During my short but incendiary love affair with making pottery, I thought I was hooked forever. And I was, in a big way, that is, until life got in the way.
My friend Lori encouraged me to give it a try and although I found the process rather challenging, I continued for about a year or so and enjoyed every moment of manipulating the smooth wet mud-like clay, carving symbols of my heart-mind continuum, and glazing with colors I could just about dive into.
The entire process captivated me in ways I never expected. Perhaps the most important gift of pottery was the time it allowed for profound decompression. How I relished the necessity to leave my depression, anxiety and crisis du jour at the door of the studio, knowing I could either pick it back up where I’d left off, or choose to let the joy of pottery resonate throughout my entire day. Often, it did exactly that.
I’ve never stopped wishing I could still do pottery. Someday I’ll get back to it. In the meantime, I have friends I can admire and share the joy of their involvement.
Judi Tavill is one such friend, who has made it her livelihood. After college, she became a fashion designer and became head designer for Lilly Pulitzer before leaving to become a full-time mother.
She says, “I absolutely found I was in deep need to reclaim my creative voice. If Mommy ain't happy, NOBODY is happy!"
So she took up painting, but eventually began her own love affair with clay. Currently, two of her vessels are included in a juried show at De La Naturaleza at the Franklin Park Conservatory in Columbus, Ohio, opening Jan. 9 through March 9. She also does a podcast and has a YouTube channel.
About her work, which I’ve found myself drooling over from time to time in her studio not too far from my house, she says, “I am inspired by the beauty of shapes and textures that I observe in nature. When I create, I choose to re-imagine, not replicate, these memories. Coastal discoveries, woodland finds, or lush flora influence my exploration in the studio. It is reflective of seaside moments and meditative pauses in the natural world. My process results in unique art objects that elegantly accent contemporary home decor and interior design.” Not too far off in the distance of her memory, there was a time before the process of pottery became part of her daily fabric. As with many artists, depression was the dark cloud hanging over her creative tendencies. “I have had various issues throughout my life,” she shares. “Bulimia in college, for instance, that reared its ugly head, though I see it more of a manifestation of something else. I have had therapy on and off for years.” Judi is fortunate enough to have a gorgeous studio with a kiln in her house in Rumson, New Jersey, which makes for a very happy potter.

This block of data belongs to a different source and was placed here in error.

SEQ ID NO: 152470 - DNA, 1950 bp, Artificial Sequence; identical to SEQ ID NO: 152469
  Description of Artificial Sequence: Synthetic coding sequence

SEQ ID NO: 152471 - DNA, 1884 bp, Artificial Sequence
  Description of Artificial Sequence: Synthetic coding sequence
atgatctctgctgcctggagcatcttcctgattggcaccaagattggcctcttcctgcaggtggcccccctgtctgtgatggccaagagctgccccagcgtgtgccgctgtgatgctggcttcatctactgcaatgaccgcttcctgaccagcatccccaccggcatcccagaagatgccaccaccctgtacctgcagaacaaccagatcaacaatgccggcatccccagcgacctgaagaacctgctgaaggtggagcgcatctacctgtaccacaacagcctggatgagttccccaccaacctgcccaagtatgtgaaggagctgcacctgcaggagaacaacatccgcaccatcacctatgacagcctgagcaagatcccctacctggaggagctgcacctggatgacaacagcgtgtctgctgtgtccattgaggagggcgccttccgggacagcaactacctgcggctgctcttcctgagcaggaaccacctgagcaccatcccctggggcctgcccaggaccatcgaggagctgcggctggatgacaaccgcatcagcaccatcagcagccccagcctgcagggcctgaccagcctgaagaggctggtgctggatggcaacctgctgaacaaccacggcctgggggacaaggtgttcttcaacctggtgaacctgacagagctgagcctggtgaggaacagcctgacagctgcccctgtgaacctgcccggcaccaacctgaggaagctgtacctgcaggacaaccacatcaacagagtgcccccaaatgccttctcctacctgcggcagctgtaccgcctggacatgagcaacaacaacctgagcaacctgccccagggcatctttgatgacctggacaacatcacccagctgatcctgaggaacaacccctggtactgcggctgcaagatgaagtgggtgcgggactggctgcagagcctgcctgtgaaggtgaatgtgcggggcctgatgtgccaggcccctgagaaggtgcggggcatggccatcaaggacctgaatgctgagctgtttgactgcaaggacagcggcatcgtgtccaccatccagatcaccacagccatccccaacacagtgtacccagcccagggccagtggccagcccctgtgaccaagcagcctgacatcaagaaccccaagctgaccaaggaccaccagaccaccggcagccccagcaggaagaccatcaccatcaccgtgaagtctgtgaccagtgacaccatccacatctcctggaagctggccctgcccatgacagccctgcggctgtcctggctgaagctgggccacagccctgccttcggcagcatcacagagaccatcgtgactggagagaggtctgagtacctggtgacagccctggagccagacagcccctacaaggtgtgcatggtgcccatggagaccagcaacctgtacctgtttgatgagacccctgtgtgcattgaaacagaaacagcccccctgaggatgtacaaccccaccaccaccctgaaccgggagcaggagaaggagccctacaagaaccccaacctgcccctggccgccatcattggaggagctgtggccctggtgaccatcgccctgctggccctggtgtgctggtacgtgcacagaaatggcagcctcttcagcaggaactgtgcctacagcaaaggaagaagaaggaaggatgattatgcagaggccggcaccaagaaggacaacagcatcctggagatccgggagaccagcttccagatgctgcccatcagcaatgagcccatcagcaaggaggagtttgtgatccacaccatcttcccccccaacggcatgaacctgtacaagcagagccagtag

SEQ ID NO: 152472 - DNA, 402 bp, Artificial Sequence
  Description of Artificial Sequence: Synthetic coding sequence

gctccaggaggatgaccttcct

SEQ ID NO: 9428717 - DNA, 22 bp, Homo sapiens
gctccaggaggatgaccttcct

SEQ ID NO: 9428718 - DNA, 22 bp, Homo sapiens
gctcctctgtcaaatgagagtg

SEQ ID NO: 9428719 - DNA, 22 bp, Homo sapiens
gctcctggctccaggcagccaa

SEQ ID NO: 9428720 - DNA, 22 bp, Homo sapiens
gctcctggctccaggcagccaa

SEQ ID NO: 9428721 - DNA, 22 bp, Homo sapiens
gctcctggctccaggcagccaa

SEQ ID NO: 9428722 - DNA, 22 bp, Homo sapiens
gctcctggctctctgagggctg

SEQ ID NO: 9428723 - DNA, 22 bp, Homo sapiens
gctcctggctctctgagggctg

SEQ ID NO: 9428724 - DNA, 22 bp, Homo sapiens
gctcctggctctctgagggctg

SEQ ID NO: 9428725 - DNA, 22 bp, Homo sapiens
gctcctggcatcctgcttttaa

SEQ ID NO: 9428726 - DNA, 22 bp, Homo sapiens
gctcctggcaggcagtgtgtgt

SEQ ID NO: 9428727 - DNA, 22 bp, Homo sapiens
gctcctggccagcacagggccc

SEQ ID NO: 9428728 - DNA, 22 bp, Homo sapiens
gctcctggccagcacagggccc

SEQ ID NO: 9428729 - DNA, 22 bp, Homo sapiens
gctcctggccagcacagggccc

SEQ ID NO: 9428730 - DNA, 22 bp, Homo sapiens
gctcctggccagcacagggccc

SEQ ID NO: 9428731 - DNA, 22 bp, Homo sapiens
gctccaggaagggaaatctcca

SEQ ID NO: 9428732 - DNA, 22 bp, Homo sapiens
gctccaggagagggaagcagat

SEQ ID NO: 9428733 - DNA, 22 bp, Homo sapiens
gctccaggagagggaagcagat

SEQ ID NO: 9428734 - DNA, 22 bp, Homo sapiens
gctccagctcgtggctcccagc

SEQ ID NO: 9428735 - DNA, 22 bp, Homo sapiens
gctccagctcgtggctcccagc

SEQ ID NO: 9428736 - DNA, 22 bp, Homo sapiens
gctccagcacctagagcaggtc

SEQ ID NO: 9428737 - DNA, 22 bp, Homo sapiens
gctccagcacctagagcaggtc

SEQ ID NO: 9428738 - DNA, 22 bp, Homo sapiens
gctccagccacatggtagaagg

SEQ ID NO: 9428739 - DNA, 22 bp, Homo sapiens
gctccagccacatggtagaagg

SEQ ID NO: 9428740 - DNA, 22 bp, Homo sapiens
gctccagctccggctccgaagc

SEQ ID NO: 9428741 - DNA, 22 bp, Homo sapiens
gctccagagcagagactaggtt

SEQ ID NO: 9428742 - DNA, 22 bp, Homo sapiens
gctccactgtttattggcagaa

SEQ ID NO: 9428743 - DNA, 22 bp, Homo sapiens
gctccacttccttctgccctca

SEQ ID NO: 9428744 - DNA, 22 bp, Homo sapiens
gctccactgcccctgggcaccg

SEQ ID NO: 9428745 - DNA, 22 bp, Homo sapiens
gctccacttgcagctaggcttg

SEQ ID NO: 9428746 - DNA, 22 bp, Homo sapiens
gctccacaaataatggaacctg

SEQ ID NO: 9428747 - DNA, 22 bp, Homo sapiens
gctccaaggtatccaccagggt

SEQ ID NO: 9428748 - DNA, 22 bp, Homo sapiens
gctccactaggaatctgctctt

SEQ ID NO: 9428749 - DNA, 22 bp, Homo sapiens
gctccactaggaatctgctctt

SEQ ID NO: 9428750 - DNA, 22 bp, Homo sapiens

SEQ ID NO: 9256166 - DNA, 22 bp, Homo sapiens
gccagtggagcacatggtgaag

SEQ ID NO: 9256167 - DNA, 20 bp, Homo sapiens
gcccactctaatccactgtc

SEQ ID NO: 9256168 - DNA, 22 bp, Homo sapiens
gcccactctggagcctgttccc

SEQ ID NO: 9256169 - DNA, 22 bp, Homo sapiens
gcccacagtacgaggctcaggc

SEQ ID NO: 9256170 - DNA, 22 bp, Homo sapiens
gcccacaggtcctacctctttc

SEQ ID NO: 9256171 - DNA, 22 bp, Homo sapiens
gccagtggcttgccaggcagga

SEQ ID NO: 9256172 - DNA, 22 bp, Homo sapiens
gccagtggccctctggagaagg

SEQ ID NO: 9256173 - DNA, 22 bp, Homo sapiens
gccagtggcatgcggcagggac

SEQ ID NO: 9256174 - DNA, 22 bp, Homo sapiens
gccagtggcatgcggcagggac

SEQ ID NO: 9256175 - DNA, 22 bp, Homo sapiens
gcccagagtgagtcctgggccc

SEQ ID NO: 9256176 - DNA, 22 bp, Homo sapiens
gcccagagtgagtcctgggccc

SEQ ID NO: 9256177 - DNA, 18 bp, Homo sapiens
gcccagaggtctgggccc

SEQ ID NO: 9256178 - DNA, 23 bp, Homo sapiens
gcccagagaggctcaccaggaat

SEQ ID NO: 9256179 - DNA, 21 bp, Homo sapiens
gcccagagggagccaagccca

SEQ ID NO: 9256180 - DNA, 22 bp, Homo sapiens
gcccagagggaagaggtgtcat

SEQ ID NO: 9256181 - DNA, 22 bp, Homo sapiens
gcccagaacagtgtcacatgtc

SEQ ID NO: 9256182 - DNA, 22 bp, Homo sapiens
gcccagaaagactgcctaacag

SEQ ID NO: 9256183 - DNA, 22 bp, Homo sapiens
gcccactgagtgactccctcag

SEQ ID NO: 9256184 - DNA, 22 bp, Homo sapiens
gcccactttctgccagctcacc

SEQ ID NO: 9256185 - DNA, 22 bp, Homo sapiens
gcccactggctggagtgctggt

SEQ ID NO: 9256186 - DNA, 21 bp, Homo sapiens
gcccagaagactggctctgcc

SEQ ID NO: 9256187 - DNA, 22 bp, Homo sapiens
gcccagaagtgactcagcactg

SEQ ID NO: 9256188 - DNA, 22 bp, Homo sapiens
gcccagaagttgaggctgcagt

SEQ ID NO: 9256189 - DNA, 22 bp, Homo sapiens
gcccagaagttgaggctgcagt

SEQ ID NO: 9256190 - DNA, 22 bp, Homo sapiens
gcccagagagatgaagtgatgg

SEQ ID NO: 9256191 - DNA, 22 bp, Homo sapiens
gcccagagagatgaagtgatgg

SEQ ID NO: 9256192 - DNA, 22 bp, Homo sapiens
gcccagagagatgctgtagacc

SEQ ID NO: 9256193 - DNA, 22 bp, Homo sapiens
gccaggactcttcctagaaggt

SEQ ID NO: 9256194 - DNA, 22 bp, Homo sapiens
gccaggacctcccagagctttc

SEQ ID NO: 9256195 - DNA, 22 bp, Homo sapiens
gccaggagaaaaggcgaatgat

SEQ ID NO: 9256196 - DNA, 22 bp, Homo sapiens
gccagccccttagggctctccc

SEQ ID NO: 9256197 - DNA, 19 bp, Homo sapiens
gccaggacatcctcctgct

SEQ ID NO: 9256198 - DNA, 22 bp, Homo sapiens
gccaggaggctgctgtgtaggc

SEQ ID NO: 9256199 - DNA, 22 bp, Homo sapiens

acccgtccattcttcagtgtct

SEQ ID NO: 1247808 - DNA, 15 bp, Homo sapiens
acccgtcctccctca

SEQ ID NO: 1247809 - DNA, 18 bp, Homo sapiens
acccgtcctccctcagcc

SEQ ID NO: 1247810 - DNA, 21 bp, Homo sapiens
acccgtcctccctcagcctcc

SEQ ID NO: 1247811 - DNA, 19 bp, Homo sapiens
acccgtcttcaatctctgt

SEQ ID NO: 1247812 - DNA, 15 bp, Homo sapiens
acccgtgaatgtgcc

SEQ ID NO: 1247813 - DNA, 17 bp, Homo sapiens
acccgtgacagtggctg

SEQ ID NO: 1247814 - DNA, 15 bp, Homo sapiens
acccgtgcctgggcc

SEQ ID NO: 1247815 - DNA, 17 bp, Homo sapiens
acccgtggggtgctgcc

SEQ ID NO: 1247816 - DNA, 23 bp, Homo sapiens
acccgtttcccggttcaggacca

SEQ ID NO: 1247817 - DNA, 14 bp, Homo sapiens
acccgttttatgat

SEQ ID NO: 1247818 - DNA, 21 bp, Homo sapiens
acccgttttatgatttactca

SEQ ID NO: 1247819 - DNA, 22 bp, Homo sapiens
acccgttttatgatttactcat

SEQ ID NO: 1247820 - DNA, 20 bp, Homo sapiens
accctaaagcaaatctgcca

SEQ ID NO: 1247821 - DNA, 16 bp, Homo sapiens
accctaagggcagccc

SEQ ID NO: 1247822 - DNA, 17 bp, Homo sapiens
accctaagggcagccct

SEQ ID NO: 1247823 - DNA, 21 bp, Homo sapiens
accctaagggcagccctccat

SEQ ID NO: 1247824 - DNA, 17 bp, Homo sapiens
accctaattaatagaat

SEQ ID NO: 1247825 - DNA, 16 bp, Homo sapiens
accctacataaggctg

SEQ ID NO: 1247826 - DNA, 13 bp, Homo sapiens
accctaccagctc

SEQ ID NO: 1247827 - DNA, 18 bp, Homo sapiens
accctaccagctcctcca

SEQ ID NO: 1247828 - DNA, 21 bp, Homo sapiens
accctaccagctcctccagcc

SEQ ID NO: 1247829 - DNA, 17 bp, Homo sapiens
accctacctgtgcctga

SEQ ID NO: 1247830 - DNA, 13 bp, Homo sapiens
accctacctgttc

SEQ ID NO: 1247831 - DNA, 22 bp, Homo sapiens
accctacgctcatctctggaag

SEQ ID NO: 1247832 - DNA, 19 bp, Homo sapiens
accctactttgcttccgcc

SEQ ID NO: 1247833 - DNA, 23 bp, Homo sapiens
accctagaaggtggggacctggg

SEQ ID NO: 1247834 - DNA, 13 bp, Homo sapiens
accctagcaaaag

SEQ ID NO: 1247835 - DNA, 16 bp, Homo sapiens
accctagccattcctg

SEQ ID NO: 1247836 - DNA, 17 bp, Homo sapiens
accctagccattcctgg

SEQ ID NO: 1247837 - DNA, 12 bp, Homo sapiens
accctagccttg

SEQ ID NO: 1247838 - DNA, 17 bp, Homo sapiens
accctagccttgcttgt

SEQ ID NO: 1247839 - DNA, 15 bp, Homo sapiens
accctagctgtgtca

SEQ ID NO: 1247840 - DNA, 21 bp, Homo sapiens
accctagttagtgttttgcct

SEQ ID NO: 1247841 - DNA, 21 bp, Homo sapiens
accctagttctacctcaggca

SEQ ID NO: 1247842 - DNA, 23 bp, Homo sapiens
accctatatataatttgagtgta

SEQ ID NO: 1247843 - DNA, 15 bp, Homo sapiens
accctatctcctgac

“Having a space to create and most specifically ceramics/clay has been essential to my well-being since 2003. Before we built our house, which enabled me to have a studio on the second floor (over the garage and next to the laundry room).”
But she has always carved out a space to work---pun intended---no matter where she’s lived. “Even when we rented, while building our house, I coated the floor of the basement of our rental with heavy duty plastic so I could buy a wheel and throw clay,” she says. “I have been known to keep chunks of clay in my car to pull out in the event of a deep desire to work with clay.
“When I am working with my hands, I feel most in the zone, the present moment,” she adds. “Not to say there are not ups and downs working with this precarious material that can blow up in the kiln, crack or just generally not turn out as I have intended, but the actual process of working is of utmost importance to my well-being.”